It didn’t come overnight either. It was a 12-year campaign to ensure all countries had the opportunity to improve and succeed. “We were able to put in place opportunities at all levels of our sport in New Zealand to compete on the world stage,” Wheadon says. “So what we’ve been able to do was really quite significant.”
For the sport’s future in New Zealand, Wheadon sees the need to focus on growing the coaching and refereeing pathways, and supporting smaller, local basketball centres and partnering with school programmes.
Because the players have opportunities now to go into the United States college system, she says, and some coaches have taken up roles overseas.
Basketball’s progression has been “phenomenal.”
“In terms of the actual administration of the game, how things are done, why things are done, I mean it’s night and day,” Wheadon says.
“But at the same time, there are still the core values, the core things that you need to do, but there’s still heaps that could be done – and has to be done.”
Wheadon has held many management and governance positions during her career. She’s been the chair, treasurer and interim CEO at Harbour Basketball. She was a BBNZ board member from 1998 to 2008 and served as president in the last six years of her tenure.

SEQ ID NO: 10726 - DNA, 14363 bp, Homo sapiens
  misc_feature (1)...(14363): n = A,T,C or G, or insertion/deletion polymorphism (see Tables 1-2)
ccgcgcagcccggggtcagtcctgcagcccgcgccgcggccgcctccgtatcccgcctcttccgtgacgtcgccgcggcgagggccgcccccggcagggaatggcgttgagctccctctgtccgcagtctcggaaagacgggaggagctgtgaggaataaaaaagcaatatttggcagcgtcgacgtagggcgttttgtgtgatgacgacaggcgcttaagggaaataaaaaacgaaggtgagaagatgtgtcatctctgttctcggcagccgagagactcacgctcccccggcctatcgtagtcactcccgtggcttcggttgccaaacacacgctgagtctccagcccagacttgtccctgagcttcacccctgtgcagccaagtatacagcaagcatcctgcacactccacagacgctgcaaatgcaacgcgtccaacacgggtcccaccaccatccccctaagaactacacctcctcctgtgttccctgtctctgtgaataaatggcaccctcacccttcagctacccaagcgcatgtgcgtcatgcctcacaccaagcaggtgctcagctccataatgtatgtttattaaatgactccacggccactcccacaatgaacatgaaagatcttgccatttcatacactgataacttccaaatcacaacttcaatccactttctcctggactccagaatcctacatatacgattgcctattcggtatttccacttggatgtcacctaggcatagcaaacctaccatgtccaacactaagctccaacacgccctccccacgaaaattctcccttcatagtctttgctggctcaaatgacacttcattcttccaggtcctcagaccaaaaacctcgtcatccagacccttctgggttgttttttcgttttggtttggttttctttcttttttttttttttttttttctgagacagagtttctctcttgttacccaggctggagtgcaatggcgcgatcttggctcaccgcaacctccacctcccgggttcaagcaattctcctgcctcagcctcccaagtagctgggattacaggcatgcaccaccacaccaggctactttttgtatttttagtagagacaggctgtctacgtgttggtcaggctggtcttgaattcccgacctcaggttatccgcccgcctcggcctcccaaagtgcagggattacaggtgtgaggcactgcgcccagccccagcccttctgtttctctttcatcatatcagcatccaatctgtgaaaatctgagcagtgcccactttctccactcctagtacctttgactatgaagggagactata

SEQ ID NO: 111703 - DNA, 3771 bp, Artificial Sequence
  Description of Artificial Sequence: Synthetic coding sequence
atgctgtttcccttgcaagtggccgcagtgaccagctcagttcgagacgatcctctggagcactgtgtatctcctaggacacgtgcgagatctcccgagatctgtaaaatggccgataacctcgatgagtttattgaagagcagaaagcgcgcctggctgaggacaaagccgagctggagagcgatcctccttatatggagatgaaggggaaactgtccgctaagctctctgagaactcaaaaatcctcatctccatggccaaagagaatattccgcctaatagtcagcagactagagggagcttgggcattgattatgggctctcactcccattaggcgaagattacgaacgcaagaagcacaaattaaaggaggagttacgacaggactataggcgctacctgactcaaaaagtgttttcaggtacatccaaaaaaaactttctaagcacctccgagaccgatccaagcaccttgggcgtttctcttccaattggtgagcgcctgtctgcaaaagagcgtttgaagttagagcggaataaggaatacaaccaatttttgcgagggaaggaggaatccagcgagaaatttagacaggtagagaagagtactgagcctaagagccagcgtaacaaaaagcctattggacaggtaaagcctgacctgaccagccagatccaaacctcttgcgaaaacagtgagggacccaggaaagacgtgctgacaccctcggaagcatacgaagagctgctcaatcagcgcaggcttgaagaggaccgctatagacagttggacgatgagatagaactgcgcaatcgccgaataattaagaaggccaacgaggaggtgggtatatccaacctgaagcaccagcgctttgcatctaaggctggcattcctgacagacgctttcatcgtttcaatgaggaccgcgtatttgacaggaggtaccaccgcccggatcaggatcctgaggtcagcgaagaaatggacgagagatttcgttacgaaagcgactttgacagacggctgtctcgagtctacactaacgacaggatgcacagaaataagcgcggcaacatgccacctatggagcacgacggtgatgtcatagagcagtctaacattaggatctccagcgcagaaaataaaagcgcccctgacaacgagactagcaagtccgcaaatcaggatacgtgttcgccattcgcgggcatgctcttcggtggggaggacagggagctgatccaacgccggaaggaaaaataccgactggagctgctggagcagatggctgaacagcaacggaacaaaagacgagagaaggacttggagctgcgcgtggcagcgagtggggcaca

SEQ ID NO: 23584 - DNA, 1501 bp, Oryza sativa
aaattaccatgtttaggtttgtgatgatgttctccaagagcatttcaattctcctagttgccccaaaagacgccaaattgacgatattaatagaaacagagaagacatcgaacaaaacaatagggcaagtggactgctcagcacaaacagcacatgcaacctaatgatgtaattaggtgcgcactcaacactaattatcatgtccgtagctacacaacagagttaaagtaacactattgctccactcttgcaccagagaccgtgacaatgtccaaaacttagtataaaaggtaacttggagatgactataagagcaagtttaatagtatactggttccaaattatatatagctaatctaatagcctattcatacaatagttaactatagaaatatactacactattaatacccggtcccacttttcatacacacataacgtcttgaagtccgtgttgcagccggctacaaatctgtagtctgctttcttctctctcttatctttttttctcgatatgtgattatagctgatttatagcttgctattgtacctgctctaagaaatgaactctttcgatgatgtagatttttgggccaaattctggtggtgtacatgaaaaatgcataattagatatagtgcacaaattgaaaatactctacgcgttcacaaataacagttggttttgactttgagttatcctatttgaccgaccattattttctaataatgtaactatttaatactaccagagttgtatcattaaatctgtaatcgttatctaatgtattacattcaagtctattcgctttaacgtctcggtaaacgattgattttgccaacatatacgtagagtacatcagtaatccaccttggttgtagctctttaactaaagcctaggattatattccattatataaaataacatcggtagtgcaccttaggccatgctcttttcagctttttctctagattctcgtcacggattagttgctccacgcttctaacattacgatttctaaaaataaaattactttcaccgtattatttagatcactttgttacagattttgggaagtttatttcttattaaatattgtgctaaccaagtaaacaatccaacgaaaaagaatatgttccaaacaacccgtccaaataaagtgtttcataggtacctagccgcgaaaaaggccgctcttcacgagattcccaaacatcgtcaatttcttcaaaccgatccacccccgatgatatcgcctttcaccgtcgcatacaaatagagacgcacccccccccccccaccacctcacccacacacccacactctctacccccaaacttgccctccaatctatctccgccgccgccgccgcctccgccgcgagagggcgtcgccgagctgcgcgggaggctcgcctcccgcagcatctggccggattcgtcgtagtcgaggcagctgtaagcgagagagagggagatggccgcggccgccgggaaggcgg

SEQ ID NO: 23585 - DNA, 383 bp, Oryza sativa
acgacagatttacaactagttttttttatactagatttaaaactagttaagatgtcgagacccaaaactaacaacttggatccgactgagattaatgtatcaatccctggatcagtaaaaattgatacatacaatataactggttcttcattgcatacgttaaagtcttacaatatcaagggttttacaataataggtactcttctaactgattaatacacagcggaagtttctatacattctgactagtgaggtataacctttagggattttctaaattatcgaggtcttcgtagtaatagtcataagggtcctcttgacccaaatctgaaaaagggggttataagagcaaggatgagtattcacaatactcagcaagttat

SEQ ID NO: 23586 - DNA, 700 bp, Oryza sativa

In 2002, Wheadon was appointed to the FIBA Oceania board and became president from 2006 to 2010. She was the Oceania representative on the FIBA central board during that period.
She received a life membership award from Basketball New Zealand in 2006, and the NZOM.
“To be able to achieve change at the international boardroom table… They used to say to me, ‘It’s not possible, Barbara’. And I would say ‘Why?’”
What’s served Wheadon well throughout her career has been the need to know and understand your community.
Getting the NSEC across the line is a good example. Basketball were facing barriers they couldn’t overcome on their own. In the end, a partnership with gymnastics proved necessary to get the facility built.
“Sport North Harbour taught us to talk to each other, and find out about what everyone else is needing and thinking,” she says. “Because we were all facing the same challenges.”
Wheadon’s own basketball career started in her hometown of Te Awamutu in Waikato in the mid 1960s. She played throughout college, and represented Waikato schools and made the national schools’ side.
She eventually found a team to carry on playing when she moved to Auckland with her husband, Graeme.
Wheadon became a librarian as there weren’t many career options for women. “Back in those days you’d go to the career advisory evenings they had at school and all the girls were steered in the direction of either being teachers or nurses – neither of which struck me as anything exciting at all. Nobody else was going to be a librarian so I thought ‘Well I might like to do that’.”
Nowadays, the career options are endless. Wheadon was encouraged at Basketball New Zealand’s recent AGM but the variety of opportunities in sport: CEOs of basketball associations to employees and volunteers in the sport. Especially for women.